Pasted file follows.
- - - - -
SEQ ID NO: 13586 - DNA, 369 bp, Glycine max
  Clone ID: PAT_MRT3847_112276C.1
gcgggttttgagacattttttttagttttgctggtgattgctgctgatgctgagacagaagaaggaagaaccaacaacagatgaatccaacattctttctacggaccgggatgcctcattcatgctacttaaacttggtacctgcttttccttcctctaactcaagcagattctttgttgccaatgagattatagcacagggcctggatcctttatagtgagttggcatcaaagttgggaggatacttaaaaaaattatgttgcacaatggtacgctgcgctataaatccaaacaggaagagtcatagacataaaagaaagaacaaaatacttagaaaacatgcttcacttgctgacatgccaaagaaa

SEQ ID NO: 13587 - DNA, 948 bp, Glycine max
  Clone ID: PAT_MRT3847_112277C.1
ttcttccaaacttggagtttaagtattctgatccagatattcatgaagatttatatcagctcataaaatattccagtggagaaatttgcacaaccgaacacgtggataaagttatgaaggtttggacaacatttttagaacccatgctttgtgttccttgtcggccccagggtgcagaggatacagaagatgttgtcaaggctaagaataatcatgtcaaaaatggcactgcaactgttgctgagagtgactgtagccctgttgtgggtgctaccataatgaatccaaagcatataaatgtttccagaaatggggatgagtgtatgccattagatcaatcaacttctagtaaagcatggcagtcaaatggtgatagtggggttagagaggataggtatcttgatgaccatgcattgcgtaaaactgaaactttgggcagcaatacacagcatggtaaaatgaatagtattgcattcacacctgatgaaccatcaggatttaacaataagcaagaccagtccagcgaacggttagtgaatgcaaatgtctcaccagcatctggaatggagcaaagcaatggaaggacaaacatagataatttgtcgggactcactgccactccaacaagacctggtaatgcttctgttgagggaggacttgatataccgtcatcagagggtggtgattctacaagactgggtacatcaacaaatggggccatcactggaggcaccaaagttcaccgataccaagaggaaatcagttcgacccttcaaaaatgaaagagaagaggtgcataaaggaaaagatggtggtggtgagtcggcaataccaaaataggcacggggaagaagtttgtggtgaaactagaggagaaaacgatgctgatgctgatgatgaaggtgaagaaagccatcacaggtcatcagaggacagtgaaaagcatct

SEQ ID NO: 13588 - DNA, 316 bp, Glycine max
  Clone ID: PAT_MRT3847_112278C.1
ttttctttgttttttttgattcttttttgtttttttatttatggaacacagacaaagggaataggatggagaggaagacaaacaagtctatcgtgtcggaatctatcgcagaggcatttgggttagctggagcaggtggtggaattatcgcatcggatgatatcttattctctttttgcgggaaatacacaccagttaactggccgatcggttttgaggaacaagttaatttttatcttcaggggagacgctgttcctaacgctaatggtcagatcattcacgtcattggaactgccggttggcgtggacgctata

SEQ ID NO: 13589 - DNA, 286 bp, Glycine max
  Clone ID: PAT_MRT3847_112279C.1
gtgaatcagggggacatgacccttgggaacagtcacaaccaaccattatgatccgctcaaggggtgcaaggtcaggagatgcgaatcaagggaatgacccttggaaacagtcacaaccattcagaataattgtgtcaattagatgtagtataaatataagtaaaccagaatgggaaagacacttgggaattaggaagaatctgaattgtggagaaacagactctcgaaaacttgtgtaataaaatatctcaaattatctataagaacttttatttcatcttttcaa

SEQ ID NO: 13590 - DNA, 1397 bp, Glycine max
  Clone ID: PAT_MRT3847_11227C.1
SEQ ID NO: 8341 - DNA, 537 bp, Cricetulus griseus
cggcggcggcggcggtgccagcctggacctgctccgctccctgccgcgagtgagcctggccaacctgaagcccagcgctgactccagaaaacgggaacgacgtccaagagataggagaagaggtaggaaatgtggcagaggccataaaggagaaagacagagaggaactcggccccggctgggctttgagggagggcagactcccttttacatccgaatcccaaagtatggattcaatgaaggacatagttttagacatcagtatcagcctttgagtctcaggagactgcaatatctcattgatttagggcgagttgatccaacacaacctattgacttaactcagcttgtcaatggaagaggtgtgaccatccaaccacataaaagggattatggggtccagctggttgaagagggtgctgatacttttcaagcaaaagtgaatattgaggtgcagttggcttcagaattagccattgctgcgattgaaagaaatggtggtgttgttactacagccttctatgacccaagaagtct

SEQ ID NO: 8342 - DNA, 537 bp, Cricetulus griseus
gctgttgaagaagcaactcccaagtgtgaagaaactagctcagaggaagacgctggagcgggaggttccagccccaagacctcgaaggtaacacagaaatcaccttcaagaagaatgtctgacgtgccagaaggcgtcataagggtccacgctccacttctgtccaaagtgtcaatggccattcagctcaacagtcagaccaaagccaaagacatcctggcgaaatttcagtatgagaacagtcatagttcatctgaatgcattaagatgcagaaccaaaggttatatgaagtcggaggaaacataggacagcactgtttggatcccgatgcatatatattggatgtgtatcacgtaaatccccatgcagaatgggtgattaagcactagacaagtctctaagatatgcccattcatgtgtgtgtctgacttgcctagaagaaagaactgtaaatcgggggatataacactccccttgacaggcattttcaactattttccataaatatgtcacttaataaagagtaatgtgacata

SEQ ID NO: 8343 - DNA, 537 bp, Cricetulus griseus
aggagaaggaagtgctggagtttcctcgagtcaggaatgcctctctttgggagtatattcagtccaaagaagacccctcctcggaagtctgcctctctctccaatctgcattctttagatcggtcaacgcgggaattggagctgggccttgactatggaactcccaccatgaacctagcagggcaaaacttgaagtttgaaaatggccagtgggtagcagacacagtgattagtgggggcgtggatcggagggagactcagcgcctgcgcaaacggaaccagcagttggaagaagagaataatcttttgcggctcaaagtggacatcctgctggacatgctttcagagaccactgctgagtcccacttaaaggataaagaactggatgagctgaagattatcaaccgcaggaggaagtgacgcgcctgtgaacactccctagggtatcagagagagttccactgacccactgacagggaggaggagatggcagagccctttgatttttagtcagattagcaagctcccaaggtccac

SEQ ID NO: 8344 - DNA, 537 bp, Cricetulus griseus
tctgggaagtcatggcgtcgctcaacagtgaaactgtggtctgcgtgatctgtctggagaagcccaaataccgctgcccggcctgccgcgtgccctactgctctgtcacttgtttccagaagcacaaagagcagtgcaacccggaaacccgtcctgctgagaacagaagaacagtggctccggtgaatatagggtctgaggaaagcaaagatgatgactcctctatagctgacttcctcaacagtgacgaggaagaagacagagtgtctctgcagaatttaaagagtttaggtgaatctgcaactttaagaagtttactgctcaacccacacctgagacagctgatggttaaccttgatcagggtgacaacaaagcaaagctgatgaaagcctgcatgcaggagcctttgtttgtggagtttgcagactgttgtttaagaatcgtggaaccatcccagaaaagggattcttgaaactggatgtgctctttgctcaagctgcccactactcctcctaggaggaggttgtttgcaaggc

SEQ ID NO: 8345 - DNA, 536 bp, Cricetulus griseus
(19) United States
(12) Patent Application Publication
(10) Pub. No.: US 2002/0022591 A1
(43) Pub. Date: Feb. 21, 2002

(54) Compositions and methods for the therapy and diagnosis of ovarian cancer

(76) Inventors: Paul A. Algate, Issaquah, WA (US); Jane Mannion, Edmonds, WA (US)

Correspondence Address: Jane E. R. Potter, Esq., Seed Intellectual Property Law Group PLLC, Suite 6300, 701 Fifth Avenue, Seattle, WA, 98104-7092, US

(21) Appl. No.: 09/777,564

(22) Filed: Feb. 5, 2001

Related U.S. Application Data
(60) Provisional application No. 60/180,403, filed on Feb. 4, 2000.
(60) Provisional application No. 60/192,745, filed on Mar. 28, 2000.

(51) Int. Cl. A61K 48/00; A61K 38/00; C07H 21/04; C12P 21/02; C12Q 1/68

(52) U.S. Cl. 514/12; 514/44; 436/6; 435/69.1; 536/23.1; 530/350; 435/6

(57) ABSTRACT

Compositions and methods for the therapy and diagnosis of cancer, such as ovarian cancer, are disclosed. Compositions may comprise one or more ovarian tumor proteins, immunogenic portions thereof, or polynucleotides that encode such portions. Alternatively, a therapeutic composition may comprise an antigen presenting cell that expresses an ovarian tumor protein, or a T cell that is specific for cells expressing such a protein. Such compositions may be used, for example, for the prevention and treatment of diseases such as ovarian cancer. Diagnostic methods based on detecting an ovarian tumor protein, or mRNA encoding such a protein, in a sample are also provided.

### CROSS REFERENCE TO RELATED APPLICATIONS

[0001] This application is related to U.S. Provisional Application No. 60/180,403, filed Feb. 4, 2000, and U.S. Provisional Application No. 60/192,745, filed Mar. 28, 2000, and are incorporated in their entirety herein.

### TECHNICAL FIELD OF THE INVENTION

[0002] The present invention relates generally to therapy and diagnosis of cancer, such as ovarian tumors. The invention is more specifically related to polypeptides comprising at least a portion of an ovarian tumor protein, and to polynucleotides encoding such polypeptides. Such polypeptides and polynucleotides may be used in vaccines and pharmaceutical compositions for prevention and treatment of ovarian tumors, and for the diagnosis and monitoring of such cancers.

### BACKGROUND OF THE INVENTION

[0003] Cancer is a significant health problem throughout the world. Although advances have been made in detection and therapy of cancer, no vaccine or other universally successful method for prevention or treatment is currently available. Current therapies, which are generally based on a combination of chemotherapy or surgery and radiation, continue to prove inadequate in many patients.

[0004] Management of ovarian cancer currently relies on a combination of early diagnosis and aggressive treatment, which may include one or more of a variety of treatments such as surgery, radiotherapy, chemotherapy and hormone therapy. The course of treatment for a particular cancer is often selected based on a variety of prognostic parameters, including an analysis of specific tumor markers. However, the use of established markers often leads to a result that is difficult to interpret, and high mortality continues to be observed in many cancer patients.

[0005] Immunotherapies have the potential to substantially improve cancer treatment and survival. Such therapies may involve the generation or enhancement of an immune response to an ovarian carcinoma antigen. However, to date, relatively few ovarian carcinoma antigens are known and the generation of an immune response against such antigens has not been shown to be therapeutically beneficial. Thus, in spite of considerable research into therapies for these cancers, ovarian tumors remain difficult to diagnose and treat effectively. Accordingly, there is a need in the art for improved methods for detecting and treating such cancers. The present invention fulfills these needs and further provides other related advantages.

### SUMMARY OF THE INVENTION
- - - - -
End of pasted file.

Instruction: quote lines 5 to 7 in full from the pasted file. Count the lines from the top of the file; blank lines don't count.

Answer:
  Clone ID: PAT_MRT3847_112277C.1
ttcttccaaacttggagtttaagtattctgatccagatattcatgaagatttatatcagctcataaaatattccagtggagaaatttgcacaaccgaacacgtggataaagttatgaaggtttggacaacatttttagaacccatgctttgtgttccttgtcggccccagggtgcagaggatacagaagatgttgtcaaggctaagaataatcatgtcaaaaatggcactgcaactgttgctgagagtgactgtagccctgttgtgggtgctaccataatgaatccaaagcatataaatgtttccagaaatggggatgagtgtatgccattagatcaatcaacttctagtaaagcatggcagtcaaatggtgatagtggggttagagaggataggtatcttgatgaccatgcattgcgtaaaactgaaactttgggcagcaatacacagcatggtaaaatgaatagtattgcattcacacctgatgaaccatcaggatttaacaataagcaagaccagtccagcgaacggttagtgaatgcaaatgtctcaccagcatctggaatggagcaaagcaatggaaggacaaacatagataatttgtcgggactcactgccactccaacaagacctggtaatgcttctgttgagggaggacttgatataccgtcatcagagggtggtgattctacaagactgggtacatcaacaaatggggccatcactggaggcaccaaagttcaccgataccaagaggaaatcagttcgacccttcaaaaatgaaagagaagaggtgcataaaggaaaagatggtggtggtgagtcggcaataccaaaataggcacggggaagaagtttgtggtgaaactagaggagaaaacgatgctgatgctgatgatgaaggtgaagaaagccatcacaggtcatcagaggacagtgaaaagcatct

SEQ ID NO: 13588 - DNA, 316 bp, Glycine max